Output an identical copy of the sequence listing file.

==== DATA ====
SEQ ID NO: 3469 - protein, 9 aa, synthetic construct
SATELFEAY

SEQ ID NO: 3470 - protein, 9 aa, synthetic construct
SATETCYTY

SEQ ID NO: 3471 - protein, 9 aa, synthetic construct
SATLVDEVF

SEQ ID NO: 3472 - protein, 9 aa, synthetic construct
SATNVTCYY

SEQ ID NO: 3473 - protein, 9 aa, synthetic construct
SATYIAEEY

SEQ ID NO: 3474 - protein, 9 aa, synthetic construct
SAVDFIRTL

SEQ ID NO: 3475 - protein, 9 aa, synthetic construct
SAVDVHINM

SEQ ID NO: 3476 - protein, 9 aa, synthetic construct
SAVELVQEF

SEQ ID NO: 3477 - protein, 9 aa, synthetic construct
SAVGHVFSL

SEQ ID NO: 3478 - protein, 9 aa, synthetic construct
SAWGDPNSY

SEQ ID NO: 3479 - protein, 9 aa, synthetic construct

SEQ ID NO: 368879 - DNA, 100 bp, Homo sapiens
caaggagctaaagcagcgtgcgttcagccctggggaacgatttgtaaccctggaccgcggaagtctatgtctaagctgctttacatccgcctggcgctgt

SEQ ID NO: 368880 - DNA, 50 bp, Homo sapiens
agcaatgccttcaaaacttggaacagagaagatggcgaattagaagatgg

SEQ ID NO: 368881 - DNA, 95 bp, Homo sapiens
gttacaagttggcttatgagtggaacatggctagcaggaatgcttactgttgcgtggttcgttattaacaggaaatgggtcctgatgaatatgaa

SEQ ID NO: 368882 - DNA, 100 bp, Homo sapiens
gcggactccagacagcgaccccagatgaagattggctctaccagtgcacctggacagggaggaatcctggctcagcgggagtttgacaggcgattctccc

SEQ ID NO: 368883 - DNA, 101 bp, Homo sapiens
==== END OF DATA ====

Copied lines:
SEQ ID NO: 3469 - protein, 9 aa, synthetic construct
SATELFEAY

SEQ ID NO: 3470 - protein, 9 aa, synthetic construct
SATETCYTY

SEQ ID NO: 3471 - protein, 9 aa, synthetic construct
SATLVDEVF

SEQ ID NO: 3472 - protein, 9 aa, synthetic construct
SATNVTCYY

SEQ ID NO: 3473 - protein, 9 aa, synthetic construct
SATYIAEEY

SEQ ID NO: 3474 - protein, 9 aa, synthetic construct
SAVDFIRTL

SEQ ID NO: 3475 - protein, 9 aa, synthetic construct
SAVDVHINM

SEQ ID NO: 3476 - protein, 9 aa, synthetic construct
SAVELVQEF

SEQ ID NO: 3477 - protein, 9 aa, synthetic construct
SAVGHVFSL

SEQ ID NO: 3478 - protein, 9 aa, synthetic construct
SAWGDPNSY

SEQ ID NO: 3479 - protein, 9 aa, synthetic construct

SEQ ID NO: 368879 - DNA, 100 bp, Homo sapiens
caaggagctaaagcagcgtgcgttcagccctggggaacgatttgtaaccctggaccgcggaagtctatgtctaagctgctttacatccgcctggcgctgt

SEQ ID NO: 368880 - DNA, 50 bp, Homo sapiens
agcaatgccttcaaaacttggaacagagaagatggcgaattagaagatgg

SEQ ID NO: 368881 - DNA, 95 bp, Homo sapiens
gttacaagttggcttatgagtggaacatggctagcaggaatgcttactgttgcgtggttcgttattaacaggaaatgggtcctgatgaatatgaa

SEQ ID NO: 368882 - DNA, 100 bp, Homo sapiens
gcggactccagacagcgaccccagatgaagattggctctaccagtgcacctggacagggaggaatcctggctcagcgggagtttgacaggcgattctccc

SEQ ID NO: 368883 - DNA, 101 bp, Homo sapiens